Telemedicine was made easy during COVID-19. Not any more

Telemedicine was made easy during COVID-19. Not any more

Telemedicine was made easy during COVID-19. Not any more

Helen Khuri poses for a portrait on the campus of Emory College Thursday, Oct. 6, 2022, in Atlanta. Khuri’s mom discovered a specialist to assist her when the 19-year-old’s post-traumatic stress dysfunction flared up final spring. However the Emory College scholar needed to briefly transfer from Atlanta to Boston for therapy, regardless that she by no means set foot contained in the hospital providing it. “It didn’t essentially make sense to … sort of uproot my life, simply to obtain this three-week therapy program,” Khuri mentioned. Credit score: AP Picture/John Bazemore

Telemedicine exploded in reputation after COVID-19 hit, however limits are returning for care delivered throughout state strains.

That complicates follow-up remedies for some most cancers sufferers. It can also have an effect on different kinds of care, together with psychological well being remedy and routine physician check-ins.

Over the previous 12 months, practically 40 states and Washington, D.C., have ended emergency declarations that made it simpler for docs to make use of video visits to see sufferers in one other state, based on the Alliance for Linked Care, which advocates for telemedicine use.

Some, like Virginia, have created exceptions for individuals who have an current relationship with a doctor. Just a few, like Arizona and Florida, have made it simpler for out-of-state docs to follow telemedicine.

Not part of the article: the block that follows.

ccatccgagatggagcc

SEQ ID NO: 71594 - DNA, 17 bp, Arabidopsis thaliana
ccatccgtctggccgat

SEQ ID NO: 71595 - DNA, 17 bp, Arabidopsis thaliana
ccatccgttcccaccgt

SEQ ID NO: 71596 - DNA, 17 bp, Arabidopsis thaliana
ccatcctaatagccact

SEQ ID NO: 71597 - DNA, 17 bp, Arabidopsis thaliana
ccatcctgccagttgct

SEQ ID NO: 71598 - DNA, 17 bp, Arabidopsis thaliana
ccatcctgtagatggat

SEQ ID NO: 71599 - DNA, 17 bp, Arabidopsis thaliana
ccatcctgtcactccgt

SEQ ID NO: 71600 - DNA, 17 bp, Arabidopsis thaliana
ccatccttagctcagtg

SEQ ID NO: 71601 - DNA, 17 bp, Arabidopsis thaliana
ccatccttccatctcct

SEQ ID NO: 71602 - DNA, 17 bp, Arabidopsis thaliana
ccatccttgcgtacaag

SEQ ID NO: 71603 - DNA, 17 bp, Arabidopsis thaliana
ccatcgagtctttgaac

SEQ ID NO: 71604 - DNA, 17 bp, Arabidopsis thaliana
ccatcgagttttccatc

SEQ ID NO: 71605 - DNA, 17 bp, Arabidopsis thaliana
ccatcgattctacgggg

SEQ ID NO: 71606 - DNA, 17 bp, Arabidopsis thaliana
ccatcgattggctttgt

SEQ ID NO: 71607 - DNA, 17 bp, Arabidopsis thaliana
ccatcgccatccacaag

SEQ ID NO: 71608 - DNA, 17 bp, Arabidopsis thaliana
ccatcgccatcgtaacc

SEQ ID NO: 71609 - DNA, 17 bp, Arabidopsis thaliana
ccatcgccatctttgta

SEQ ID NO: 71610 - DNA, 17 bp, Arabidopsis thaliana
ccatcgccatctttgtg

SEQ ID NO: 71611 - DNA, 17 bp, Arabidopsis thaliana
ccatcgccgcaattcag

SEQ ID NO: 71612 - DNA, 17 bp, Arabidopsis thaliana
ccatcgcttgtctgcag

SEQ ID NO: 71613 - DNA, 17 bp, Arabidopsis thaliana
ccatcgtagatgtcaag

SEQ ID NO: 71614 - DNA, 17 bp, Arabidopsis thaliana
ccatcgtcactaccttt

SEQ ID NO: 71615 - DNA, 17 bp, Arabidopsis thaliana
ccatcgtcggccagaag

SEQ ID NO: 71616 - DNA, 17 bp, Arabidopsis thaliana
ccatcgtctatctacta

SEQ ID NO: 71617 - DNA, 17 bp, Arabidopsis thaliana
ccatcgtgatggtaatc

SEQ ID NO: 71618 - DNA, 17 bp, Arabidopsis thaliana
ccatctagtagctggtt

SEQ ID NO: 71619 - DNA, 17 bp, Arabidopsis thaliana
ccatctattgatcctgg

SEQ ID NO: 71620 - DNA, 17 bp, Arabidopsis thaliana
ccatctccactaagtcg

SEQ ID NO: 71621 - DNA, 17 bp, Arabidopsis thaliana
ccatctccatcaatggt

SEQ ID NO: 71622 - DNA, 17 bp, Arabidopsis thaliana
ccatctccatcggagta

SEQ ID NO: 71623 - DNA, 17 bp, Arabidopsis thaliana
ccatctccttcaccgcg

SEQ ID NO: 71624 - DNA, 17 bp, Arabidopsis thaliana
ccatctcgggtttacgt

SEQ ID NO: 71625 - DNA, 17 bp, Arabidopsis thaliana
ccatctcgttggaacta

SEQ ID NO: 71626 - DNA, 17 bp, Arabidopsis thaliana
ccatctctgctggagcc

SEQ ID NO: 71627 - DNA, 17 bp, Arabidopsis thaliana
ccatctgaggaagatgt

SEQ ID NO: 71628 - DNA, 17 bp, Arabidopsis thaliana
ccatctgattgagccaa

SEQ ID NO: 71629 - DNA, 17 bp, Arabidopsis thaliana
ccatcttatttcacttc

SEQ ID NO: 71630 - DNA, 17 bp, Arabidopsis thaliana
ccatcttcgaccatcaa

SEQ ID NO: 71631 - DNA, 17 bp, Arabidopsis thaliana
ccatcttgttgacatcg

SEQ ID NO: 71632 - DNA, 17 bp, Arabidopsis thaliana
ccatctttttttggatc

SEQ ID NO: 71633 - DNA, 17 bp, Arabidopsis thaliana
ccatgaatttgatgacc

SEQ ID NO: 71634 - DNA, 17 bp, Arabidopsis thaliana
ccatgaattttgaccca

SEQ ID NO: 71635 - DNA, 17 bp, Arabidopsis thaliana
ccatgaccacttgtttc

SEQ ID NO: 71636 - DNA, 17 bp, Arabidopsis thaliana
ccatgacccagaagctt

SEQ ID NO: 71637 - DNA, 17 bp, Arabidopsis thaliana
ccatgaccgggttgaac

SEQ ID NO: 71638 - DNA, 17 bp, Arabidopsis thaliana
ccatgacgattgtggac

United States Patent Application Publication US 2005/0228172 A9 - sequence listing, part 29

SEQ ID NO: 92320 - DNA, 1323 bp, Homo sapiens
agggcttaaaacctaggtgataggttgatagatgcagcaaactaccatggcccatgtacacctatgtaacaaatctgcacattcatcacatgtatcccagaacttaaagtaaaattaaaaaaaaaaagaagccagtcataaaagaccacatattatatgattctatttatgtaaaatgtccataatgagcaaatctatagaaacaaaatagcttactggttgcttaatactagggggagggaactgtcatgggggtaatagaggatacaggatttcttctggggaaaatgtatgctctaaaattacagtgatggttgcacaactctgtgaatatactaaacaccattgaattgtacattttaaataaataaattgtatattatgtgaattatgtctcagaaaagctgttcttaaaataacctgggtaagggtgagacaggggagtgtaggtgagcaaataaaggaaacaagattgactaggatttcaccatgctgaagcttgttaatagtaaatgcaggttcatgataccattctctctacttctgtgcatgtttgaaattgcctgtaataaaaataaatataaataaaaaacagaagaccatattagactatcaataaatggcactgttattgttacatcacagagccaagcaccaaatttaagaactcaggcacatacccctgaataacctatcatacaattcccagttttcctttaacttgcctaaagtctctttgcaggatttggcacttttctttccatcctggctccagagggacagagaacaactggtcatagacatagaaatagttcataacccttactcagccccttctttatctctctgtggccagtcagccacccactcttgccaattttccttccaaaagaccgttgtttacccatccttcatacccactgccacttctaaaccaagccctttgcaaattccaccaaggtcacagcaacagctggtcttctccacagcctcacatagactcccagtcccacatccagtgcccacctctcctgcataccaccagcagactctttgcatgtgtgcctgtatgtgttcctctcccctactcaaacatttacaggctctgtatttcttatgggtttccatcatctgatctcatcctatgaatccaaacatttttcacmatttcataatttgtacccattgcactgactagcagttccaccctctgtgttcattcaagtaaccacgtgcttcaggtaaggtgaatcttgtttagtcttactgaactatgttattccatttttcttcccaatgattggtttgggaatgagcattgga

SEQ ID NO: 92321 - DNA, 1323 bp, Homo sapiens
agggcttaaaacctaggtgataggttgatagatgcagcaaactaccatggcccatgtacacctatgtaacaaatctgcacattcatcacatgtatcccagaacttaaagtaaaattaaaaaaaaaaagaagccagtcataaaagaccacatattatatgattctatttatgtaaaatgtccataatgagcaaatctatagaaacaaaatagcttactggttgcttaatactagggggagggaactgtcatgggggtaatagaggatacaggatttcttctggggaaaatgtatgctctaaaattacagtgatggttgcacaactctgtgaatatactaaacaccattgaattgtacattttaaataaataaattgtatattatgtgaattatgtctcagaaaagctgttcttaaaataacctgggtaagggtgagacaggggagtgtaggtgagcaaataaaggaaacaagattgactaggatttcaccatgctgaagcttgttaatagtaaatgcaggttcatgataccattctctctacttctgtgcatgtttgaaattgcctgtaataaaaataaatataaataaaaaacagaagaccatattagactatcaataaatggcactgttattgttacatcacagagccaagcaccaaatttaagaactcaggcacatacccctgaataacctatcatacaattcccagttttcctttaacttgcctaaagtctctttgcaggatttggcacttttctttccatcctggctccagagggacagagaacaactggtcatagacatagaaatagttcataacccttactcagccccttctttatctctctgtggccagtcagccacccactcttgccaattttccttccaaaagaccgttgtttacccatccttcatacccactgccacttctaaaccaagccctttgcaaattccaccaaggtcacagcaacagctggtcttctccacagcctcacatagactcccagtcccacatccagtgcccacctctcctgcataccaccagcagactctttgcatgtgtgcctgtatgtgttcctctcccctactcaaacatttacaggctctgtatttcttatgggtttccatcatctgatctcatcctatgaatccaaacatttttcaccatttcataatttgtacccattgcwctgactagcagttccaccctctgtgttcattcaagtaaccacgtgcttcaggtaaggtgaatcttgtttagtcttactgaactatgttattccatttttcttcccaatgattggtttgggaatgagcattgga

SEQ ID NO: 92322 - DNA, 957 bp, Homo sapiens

Medical doctors say the ensuing patchwork of rules creates confusion and has led some practices to close down out-of-state telemedicine completely. That leaves follow-up visits, consultations or different care solely to sufferers who’ve the means to journey for in-person conferences.

Susie Rinehart is planning two upcoming journeys to her most cancers physician in Boston. She wants common scans and physician visits to watch a uncommon bone most cancers that has unfold from her cranium to her backbone.

Rinehart would not have a specialist close to her dwelling exterior Denver who can deal with her. These visits had been finished just about throughout the pandemic.

She is going to journey with out her husband to save cash, however that presents one other downside: If she will get unhealthy information, she’ll deal with it alone.

“It is irritating sufficient to have a uncommon most cancers, and this simply provides to the stress,” the 51-year-old mentioned.

Rinehart’s oncologist, Dr. Shannon MacDonald, mentioned telemedicine regulation enforcement appears to be extra aggressive now than it was earlier than the pandemic, when video visits had been nonetheless rising.

“It simply appears so dated,” mentioned MacDonald, who lately co-wrote a bit concerning the situation in The New England Journal of Drugs.

To state medical boards, the affected person’s location throughout a telemedicine go to is the place the appointment takes place. One in every of MacDonald’s hospitals, Massachusetts Normal, requires docs to be licensed within the affected person’s state for digital visits.

It additionally needs these visits restricted to New England and Florida, the place many sufferers spend the winter, mentioned Dr. Lee Schwamm, a vp for the Mass Normal Brigham well being system.

That does not assist docs like MacDonald who see sufferers from across the nation.

Cleveland Clinic additionally attracts loads of sufferers from out of state. Neurosurgeon Dr. Peter Rasmussen worries about how some will deal with upcoming journey, particularly as a result of winter can carry icy climate.